Coastal championships help make important cultural connections
While the 2018 World Rowing Coastal Championships revolve around the sport of rowing, they have also provided an opportunity for organizers to make some important cultural connections.
The competition is taking place on the traditional territory of the W̱SÁNEĆ (Saanich) First Nations. Children from the community will be drumming in the opening ceremony and opening address for the 2018 WRCC in October.
Denise Sam works at ȽÁU, WELṈEW̱ Tribal School. The school has almost 300 students from four W̱SÁNEĆ communities, in elementary, middle and secondary school.
We asked Denise what it means to be part of the 2018 World Rowing Coastal Championships:
- How did you get involved with the 2018 World Rowing Coastal Championships?
I became involved when Marla (Marla Weston from the 2108 WRCC organizing committee) came into the school office.
She was looking for a space for a banquet and she was so warm and kind we began a conversation about her plans with the upcoming rowing event.
2. How is the school involved?
There is an immersion program here teaching the SENĆOŦEN language. The discussion began with opening ceremonies, and how the children could be included in drumming and welcoming the rowing event.
My involvement right now is making local contacts within the community, including logo development, identifying drummers, assisting with video promotion, identifying vendors, and liaising with elders and connections within the community. It’s important to make the connection with the First Peoples and their traditional territory of W̱SÁNEĆ.
My involvement during the event will be on the beach, maybe riding in the spectator boat and enjoy the event to the fullest, both now and during the event.
3. Why did you want to be part of this event?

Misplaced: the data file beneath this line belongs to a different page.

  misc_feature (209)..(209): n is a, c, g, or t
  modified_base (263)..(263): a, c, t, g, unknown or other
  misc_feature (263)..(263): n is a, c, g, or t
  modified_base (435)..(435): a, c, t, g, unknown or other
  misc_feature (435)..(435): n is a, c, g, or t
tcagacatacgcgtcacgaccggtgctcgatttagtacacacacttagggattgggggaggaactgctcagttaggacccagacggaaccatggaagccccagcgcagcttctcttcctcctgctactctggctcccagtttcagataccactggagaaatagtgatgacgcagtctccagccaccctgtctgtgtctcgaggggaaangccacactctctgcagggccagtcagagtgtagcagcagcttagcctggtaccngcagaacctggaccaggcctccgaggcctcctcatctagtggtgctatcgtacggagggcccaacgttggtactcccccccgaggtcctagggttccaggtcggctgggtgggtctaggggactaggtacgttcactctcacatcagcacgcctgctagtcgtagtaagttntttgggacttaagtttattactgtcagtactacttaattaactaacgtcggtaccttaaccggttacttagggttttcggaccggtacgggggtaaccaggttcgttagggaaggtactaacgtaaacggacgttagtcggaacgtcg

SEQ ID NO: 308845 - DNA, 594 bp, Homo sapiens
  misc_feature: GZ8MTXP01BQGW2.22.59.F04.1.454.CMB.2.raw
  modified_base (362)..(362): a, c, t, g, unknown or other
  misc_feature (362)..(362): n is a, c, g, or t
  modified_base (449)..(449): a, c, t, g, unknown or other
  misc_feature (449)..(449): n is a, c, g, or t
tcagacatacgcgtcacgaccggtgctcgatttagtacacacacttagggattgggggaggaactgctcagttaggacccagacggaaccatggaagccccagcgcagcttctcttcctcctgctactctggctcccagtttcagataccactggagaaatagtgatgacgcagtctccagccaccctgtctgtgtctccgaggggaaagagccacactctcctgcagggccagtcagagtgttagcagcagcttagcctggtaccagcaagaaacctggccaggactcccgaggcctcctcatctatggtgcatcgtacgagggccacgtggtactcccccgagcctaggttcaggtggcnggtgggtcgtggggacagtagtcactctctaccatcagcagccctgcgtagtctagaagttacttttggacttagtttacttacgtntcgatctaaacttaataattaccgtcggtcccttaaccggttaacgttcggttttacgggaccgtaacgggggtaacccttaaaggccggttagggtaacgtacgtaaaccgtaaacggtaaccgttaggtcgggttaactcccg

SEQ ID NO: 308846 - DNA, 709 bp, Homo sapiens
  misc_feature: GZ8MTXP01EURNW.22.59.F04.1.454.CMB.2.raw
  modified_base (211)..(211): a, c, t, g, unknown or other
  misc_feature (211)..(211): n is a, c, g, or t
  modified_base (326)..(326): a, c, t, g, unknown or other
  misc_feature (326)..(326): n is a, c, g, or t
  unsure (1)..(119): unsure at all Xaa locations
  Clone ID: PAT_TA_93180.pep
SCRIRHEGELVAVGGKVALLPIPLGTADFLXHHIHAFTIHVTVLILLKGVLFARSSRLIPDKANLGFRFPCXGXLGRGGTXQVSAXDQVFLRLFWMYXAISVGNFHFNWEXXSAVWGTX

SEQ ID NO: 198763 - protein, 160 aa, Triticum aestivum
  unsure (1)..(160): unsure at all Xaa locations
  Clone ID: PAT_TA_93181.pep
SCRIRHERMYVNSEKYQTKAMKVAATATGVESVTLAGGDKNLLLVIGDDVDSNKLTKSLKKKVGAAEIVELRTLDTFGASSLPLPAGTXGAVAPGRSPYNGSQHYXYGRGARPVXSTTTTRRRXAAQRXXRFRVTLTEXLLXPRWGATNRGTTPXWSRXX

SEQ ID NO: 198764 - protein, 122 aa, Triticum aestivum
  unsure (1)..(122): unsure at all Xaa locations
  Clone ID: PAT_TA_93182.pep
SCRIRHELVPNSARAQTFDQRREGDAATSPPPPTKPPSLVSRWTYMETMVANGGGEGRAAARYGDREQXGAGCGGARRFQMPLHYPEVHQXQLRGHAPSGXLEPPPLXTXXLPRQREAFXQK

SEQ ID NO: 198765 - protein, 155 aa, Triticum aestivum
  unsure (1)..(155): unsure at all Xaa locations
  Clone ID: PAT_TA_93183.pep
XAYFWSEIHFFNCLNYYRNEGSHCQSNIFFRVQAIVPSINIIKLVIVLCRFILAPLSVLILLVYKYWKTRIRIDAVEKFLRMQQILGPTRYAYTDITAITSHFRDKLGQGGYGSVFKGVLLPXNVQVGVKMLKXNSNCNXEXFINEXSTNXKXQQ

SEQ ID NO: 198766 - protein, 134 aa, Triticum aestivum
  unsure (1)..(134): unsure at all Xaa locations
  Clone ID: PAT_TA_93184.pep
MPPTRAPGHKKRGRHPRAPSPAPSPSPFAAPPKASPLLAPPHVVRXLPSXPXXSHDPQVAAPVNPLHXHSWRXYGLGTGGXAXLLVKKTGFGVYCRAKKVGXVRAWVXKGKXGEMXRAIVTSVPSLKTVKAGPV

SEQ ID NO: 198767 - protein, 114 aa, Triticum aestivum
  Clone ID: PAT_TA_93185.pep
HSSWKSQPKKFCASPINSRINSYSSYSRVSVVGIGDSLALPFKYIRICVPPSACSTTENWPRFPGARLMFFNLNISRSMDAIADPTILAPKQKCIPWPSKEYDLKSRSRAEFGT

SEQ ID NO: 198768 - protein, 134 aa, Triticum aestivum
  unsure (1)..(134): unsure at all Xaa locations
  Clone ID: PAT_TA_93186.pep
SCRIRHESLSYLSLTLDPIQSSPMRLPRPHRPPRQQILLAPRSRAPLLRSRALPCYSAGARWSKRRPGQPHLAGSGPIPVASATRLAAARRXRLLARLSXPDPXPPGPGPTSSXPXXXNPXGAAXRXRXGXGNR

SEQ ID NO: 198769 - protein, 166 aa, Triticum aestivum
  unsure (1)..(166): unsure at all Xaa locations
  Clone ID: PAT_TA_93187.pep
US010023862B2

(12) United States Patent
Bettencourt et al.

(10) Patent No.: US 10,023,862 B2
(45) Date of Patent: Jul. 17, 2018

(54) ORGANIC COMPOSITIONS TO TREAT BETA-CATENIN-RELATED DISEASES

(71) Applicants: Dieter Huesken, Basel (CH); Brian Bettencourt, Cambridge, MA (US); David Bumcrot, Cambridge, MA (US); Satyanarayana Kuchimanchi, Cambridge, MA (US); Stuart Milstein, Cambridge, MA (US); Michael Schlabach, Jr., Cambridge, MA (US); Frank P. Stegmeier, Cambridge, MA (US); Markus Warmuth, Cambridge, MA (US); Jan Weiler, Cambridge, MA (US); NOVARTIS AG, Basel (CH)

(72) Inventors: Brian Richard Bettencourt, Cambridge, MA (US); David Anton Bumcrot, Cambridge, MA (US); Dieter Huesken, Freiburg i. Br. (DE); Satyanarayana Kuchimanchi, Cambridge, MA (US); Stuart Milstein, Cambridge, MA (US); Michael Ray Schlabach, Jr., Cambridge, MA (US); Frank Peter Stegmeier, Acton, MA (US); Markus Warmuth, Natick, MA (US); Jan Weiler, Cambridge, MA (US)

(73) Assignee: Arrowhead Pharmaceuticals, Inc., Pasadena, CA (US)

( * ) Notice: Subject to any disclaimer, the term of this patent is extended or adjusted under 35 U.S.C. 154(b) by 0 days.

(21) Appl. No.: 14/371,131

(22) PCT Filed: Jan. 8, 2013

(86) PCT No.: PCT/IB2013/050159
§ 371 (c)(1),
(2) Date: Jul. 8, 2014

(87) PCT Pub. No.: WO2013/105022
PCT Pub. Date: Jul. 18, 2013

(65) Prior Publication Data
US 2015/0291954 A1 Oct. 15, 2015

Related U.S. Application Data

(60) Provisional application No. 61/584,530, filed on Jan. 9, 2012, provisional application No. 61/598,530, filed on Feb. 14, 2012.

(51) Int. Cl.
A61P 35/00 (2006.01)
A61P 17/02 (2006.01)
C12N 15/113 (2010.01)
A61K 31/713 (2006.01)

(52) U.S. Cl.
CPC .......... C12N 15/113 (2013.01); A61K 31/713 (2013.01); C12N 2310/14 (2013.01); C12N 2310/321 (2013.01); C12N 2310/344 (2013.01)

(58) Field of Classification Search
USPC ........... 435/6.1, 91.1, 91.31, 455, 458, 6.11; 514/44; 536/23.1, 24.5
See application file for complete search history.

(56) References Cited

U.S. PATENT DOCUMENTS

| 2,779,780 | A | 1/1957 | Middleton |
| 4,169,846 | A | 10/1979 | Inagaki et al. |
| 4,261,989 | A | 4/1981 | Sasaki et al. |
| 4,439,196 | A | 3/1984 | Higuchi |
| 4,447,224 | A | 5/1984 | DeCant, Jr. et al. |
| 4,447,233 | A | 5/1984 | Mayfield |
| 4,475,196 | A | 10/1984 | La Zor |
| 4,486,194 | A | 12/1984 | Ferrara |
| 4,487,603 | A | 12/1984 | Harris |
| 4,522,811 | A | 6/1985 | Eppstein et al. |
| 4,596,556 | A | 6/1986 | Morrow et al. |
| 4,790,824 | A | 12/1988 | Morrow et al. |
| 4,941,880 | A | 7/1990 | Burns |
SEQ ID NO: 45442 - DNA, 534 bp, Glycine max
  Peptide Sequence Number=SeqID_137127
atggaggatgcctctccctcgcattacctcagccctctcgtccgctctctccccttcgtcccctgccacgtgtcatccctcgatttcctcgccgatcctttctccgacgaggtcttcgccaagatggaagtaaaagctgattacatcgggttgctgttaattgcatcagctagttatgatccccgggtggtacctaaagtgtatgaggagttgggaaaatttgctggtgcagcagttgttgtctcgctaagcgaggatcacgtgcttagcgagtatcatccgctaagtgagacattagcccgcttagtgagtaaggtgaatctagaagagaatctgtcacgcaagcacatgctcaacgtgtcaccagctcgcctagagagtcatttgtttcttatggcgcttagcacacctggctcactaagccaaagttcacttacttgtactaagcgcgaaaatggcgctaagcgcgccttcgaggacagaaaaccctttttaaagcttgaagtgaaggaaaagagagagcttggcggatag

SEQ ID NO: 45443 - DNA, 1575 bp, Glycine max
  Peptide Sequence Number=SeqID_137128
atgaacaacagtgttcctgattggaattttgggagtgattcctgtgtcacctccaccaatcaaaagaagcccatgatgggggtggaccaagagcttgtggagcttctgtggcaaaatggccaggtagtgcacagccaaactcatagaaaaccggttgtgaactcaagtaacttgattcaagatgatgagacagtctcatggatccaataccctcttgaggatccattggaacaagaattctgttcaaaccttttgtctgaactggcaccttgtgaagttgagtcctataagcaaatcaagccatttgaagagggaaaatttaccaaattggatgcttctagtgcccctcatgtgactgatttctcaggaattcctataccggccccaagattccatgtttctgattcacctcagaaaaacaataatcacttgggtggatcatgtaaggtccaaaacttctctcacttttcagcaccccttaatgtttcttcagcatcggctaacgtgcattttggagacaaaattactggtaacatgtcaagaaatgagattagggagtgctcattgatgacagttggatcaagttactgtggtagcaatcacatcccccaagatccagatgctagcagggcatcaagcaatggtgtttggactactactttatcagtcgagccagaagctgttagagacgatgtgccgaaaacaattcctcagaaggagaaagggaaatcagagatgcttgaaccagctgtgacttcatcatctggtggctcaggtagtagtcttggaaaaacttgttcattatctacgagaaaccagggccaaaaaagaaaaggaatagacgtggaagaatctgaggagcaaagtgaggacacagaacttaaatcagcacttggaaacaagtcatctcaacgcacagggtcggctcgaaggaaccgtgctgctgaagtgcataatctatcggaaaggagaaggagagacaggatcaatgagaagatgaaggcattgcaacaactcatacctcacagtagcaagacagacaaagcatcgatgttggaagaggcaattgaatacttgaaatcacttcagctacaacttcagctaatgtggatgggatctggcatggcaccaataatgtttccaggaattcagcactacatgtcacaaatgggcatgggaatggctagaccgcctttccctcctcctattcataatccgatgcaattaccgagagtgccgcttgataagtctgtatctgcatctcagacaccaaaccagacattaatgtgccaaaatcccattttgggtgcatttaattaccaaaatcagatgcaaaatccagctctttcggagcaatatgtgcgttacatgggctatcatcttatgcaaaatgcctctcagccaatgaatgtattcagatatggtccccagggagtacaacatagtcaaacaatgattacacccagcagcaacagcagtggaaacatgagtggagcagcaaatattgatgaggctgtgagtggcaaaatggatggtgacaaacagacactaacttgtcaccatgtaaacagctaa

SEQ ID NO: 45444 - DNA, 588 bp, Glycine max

Again, my hope is the traditional territory of the W̱SÁNEĆ peoples to be recognized. Also, I was taught from a young age to participate and lend a helping hand.
4. What are you most looking forward to?
I like to meet new people from different cultures and appreciate having this opportunity. I am especially looking forward to being on the spectator boat and cheering for my favourite team.
Thanks for your help, Denise! It’s people like you who make events like these a success.
It takes a village to launch an event like 2018 WRCC.
Huge thank you to the Tsartlip First Nations paddlers, Victoria City Rowing Club, Roll.Focus. Productions and Tourism Victoria for helping make our promotional video a reality! #explorebc #coastalrowing
W̱SÁNEĆ means emerging people. It is from the flood story of the W̱SÁNEĆ people.
ȽÁU, WELṈEW̱ is named after the mountain that saved the W̱SÁNEĆ people from the great flood.
Find out more about the legend: https://www.youtube.com/watch?v=APQJnL74e5o
Here’s another way that the students at the school are involved in sharing their culture.
WATCH: Students at ȽÁU, WELṈEW̱ Tribal School on the Saanich Peninsula want the traditional name added to signage at a provincial park. April Lawrence reports.
Find out more about the W̱SÁNEĆ SCHOOL BOARD and the HISTORY OF THE SENĆOŦEN LANGUAGE: